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3TB and 4TB Drives. The Danger!


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#161 OFFLINE   P Smith

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Posted 07 October 2012 - 09:08 AM

Oh, yeah. I forgot to note - WinXP Pro SP3 working fine with 4K sector size 3 TB drive in GoFlex enclosure.

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#162 OFFLINE   JonW

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Posted 07 October 2012 - 09:09 AM

300GB was nice back when we were recording SD and that could hold 200+ hours, but if you record primarily HD, it fills up real fast. 3TB is actually a reasonable number for a HD DVR in my book.

Alas, another problem is that the DVRs weren't designed with that much space in mind. It's not surprising that an MRV'd DVR with a combined playlist is going to get sluggish when those playlists can hold 10x the data originally intended.

#163 OFFLINE   P Smith

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Posted 07 October 2012 - 09:27 AM

300GB was nice back when we were recording SD and that could hold 200+ hours, but if you record primarily HD, it fills up real fast. 3TB is actually a reasonable number for a HD DVR in my book.

Alas, another problem is that the DVRs weren't designed with that much space in mind. It's not surprising that an MRV'd DVR with a combined playlist is going to get sluggish when those playlists can hold 10x the data originally intended.


I wouldn't say that blindly (but I would be glad to see blueprints of FW) at least what I saw: they does employ DB approach for store and update EPG and system info ...

#164 OFFLINE   Rich

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Posted 07 October 2012 - 11:13 AM

You're assuming that if it becomes "supported" that it will be changed in such a way as to disable anything other than the specific device they are "supporting".

I don't think that's likely. More likely they would support the device(s) they have blessed and the rest would remain as today - works but not supported.


I'm afraid of D* taking over the external function. They haven't "blessed" any HDDs or external devices. They made a mistake by suggesting the Seagate eSATA and were right about suggesting the WD device. Aside from that, they've been quiet. The Seagate bombed, by the way. I just hope they leave the choices of what we use to us and don't try to shove something we don't want down our throats.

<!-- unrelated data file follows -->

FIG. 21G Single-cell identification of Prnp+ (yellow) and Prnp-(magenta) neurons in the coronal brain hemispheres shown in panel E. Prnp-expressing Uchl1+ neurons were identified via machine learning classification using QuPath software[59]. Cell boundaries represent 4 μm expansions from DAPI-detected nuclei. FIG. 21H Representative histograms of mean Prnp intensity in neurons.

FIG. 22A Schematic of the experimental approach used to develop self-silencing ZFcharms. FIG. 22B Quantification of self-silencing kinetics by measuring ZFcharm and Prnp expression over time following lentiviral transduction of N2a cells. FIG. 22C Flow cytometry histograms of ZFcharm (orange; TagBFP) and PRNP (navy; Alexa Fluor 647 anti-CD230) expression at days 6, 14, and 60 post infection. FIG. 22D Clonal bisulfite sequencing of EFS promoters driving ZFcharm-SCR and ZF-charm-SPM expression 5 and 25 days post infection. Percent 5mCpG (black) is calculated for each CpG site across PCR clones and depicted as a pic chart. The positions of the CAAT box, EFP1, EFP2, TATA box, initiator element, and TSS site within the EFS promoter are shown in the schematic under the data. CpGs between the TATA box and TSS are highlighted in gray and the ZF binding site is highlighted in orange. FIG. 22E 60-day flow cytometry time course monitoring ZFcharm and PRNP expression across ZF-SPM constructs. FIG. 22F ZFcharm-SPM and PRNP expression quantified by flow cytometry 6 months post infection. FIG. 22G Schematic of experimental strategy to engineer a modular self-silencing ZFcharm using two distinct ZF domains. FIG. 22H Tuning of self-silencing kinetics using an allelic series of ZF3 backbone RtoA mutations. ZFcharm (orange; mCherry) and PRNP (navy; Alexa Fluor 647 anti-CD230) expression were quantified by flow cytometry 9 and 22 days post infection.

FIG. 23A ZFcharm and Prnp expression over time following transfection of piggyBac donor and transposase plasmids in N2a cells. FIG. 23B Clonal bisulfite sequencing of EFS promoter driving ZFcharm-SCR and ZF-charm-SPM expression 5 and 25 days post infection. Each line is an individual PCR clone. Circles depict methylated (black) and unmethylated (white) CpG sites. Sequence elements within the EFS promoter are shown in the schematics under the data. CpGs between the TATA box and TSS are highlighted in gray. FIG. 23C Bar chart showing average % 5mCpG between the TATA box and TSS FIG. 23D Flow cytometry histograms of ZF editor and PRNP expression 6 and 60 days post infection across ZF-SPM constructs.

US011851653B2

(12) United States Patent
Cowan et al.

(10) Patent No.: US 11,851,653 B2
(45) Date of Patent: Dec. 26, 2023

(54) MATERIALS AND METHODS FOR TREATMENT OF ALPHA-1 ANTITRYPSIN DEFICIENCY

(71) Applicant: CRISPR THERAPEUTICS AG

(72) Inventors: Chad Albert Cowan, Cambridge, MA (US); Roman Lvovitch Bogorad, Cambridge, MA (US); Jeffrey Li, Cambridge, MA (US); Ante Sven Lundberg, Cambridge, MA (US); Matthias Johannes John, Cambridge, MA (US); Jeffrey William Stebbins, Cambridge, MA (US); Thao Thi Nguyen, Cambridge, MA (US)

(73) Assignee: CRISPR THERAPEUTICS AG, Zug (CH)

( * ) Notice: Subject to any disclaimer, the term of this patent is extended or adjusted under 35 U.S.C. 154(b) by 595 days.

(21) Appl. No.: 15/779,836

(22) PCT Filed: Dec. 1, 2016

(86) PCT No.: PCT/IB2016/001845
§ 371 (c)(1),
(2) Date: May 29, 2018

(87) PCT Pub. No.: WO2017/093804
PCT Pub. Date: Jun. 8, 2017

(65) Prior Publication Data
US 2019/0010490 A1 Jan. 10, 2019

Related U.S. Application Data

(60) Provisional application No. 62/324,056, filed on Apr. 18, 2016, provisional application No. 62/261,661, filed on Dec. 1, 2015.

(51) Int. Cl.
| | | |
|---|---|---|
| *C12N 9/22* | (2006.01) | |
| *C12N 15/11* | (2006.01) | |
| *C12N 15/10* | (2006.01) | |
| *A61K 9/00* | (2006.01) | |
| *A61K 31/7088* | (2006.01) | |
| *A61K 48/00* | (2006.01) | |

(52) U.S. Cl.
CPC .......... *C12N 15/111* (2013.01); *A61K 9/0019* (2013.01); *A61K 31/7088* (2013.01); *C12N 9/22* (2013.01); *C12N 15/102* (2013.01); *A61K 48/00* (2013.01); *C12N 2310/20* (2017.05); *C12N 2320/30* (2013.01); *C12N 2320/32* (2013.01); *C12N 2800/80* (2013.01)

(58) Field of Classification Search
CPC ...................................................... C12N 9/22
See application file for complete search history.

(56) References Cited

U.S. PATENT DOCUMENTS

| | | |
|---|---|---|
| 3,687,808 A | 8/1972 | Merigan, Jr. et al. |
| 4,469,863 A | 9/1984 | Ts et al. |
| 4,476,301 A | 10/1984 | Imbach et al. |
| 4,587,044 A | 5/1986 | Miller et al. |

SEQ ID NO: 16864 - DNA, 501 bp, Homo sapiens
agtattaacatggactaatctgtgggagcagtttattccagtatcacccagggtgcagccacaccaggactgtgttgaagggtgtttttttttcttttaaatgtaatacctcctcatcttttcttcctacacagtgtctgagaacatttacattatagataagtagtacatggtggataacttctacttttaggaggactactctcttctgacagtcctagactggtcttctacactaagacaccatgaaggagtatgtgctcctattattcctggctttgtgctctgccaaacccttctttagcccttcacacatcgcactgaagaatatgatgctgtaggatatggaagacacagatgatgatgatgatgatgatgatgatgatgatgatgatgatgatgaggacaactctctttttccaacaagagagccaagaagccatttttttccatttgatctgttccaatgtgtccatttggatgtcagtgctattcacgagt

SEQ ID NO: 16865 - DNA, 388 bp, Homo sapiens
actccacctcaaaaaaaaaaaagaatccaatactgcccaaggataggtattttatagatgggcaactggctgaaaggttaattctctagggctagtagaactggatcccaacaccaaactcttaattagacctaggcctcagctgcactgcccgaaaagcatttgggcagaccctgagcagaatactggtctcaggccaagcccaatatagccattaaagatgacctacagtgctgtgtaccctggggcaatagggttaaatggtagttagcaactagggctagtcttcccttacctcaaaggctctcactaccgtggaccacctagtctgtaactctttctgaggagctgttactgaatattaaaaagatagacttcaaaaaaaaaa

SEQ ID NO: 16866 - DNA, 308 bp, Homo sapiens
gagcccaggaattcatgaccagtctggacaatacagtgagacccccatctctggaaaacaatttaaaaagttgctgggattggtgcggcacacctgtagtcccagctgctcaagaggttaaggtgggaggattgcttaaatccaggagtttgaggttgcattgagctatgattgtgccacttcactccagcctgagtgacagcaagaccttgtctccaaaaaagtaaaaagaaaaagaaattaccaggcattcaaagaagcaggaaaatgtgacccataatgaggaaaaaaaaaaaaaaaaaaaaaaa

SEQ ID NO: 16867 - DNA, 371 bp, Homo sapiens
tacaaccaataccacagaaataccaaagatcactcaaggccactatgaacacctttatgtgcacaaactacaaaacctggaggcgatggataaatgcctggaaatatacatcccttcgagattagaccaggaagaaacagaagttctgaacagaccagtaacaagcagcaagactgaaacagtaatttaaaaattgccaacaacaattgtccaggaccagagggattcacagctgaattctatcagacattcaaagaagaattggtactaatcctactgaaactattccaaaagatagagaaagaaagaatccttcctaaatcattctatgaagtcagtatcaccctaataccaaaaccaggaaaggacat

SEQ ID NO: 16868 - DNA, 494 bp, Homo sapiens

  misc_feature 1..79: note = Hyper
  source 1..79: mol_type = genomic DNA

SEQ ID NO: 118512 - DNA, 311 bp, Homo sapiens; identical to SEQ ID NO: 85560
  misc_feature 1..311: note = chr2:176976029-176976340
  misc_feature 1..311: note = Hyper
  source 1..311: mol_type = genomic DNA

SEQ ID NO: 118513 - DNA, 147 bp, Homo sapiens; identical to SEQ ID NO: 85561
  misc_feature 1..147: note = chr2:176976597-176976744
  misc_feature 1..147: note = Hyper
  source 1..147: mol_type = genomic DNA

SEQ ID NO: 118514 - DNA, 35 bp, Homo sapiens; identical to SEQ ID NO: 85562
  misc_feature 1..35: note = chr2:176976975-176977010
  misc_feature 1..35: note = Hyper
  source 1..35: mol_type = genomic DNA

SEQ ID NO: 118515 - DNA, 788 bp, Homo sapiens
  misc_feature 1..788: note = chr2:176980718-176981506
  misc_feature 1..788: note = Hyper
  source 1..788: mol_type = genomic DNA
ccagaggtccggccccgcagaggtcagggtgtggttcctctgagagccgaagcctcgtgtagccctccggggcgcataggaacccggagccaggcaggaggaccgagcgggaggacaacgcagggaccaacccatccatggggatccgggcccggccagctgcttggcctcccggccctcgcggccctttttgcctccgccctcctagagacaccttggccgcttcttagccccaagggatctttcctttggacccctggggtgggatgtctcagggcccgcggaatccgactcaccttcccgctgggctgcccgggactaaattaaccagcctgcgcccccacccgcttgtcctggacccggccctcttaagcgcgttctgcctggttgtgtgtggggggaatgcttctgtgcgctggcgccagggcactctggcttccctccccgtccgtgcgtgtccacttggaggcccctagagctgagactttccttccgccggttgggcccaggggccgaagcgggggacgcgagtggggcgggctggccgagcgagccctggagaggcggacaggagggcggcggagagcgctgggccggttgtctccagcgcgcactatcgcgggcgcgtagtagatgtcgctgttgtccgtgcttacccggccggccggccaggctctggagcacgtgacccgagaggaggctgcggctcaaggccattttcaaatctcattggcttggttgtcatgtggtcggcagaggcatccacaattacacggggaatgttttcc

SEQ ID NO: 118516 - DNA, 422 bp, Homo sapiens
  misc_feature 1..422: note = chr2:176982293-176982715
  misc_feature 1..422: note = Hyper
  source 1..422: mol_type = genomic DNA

Rich

#165 OFFLINE   Rich

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Posted 07 October 2012 - 11:21 AM

300GB was nice back when we were recording SD and that could hold 200+ hours, but if you record primarily HD, it fills up real fast. 3TB is actually a reasonable number for a HD DVR in my book.


For someone with one or two HRs, a 3TB drive would seem to be sufficient. But with many more HRs, 2TBs are more than sufficient. The drawback to the 3TB drives is losing the HR that recorded its content. Then it becomes a horror story.

Alas, another problem is that the DVRs weren't designed with that much space in mind. It's not surprising that an MRV'd DVR with a combined playlist is going to get sluggish when those playlists can hold 10x the data originally intended.


I've got a huge UPL and my 24-500s handle that UPL just fine. Obviously, I don't have 10 times the capacity of my eleven 2TB drives on the UPL, that would be a bit much.

Rich

#166 OFFLINE   bobcamp1

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Posted 07 October 2012 - 12:00 PM

Oh, yeah. I forgot to note - WinXP Pro SP3 working fine with 4K sector size 3 TB drive in GoFlex enclosure.


That's because XP supports 4k logical sectors for a *secondary* USB drive. Take the drive out of the enclosure and connect it directly to SATA and see what happens. My motherboard thinks a 3TB hard drive is only 800 GB (the capacity overflowed: 3 TB - 2.2 TB = 800 GB).

The drive inside the GoFlex enclosure has physical 512 bytes/sector, yet has 4k logical sectors in order to get around the MBR limit. That's a hardware modification -- you've added a special hard disk controller to get around the limit. How would D* put that inside millions of existing DVRs?

There are also other third-party drivers that let XP support GPT. But that hard drive can't contain the system partition, because that driver can't load until the kernel is loaded.

If people have tried it with an HR2x and it doesn't work, then the OS they have (or the chipset they have) doesn't support it. I don't think they're changing code just to add support to something that's not officially supported.

#167 OFFLINE   bobcamp1

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Posted 07 October 2012 - 12:14 PM

300GB was nice back when we were recording SD and that could hold 200+ hours, but if you record primarily HD, it fills up real fast. 3TB is actually a reasonable number for a HD DVR in my book.

Alas, another problem is that the DVRs weren't designed with that much space in mind. It's not surprising that an MRV'd DVR with a combined playlist is going to get sluggish when those playlists can hold 10x the data originally intended.


That happens with Tivos. When I increased the size of my Series 1's hard drive from 20 GB to 120 GB, and I had a lot of shows saved on it, it would take 8 seconds to bring up the playlist. Deleting a bunch of shows sped it right back up. Trick play was not affected. But that 54 MHz processor and 16 MB of RAM just couldn't process that gigantic database quickly. The same thing happens with the Series 4, but to a lesser extent.